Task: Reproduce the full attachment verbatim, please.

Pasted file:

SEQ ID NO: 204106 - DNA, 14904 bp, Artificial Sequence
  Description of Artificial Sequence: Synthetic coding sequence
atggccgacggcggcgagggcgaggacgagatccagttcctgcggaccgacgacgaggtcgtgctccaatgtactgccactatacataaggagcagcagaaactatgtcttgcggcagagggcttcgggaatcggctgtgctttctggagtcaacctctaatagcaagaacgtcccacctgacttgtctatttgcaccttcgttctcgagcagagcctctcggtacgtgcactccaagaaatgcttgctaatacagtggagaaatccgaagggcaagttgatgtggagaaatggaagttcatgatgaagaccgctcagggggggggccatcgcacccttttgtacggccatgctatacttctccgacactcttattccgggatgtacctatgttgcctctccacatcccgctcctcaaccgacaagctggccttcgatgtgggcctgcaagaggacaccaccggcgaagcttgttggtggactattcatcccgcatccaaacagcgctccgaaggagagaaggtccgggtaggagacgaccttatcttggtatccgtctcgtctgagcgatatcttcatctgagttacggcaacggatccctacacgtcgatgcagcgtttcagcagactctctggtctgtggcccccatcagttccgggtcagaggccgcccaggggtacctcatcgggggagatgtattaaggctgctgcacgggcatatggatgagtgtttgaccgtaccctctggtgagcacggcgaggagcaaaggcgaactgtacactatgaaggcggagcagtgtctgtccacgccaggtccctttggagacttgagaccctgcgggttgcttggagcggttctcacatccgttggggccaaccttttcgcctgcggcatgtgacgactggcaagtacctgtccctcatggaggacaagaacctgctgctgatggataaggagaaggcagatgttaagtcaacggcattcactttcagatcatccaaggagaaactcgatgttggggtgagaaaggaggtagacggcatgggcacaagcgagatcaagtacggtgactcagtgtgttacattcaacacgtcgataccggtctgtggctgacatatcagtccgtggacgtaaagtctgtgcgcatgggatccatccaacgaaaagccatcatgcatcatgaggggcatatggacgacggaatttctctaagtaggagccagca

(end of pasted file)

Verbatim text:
SEQ ID NO: 204106 - DNA, 14904 bp, Artificial Sequence
  Description of Artificial Sequence: Synthetic coding sequence
atggccgacggcggcgagggcgaggacgagatccagttcctgcggaccgacgacgaggtcgtgctccaatgtactgccactatacataaggagcagcagaaactatgtcttgcggcagagggcttcgggaatcggctgtgctttctggagtcaacctctaatagcaagaacgtcccacctgacttgtctatttgcaccttcgttctcgagcagagcctctcggtacgtgcactccaagaaatgcttgctaatacagtggagaaatccgaagggcaagttgatgtggagaaatggaagttcatgatgaagaccgctcagggggggggccatcgcacccttttgtacggccatgctatacttctccgacactcttattccgggatgtacctatgttgcctctccacatcccgctcctcaaccgacaagctggccttcgatgtgggcctgcaagaggacaccaccggcgaagcttgttggtggactattcatcccgcatccaaacagcgctccgaaggagagaaggtccgggtaggagacgaccttatcttggtatccgtctcgtctgagcgatatcttcatctgagttacggcaacggatccctacacgtcgatgcagcgtttcagcagactctctggtctgtggcccccatcagttccgggtcagaggccgcccaggggtacctcatcgggggagatgtattaaggctgctgcacgggcatatggatgagtgtttgaccgtaccctctggtgagcacggcgaggagcaaaggcgaactgtacactatgaaggcggagcagtgtctgtccacgccaggtccctttggagacttgagaccctgcgggttgcttggagcggttctcacatccgttggggccaaccttttcgcctgcggcatgtgacgactggcaagtacctgtccctcatggaggacaagaacctgctgctgatggataaggagaaggcagatgttaagtcaacggcattcactttcagatcatccaaggagaaactcgatgttggggtgagaaaggaggtagacggcatgggcacaagcgagatcaagtacggtgactcagtgtgttacattcaacacgtcgataccggtctgtggctgacatatcagtccgtggacgtaaagtctgtgcgcatgggatccatccaacgaaaagccatcatgcatcatgaggggcatatggacgacggaatttctctaagtaggagccagca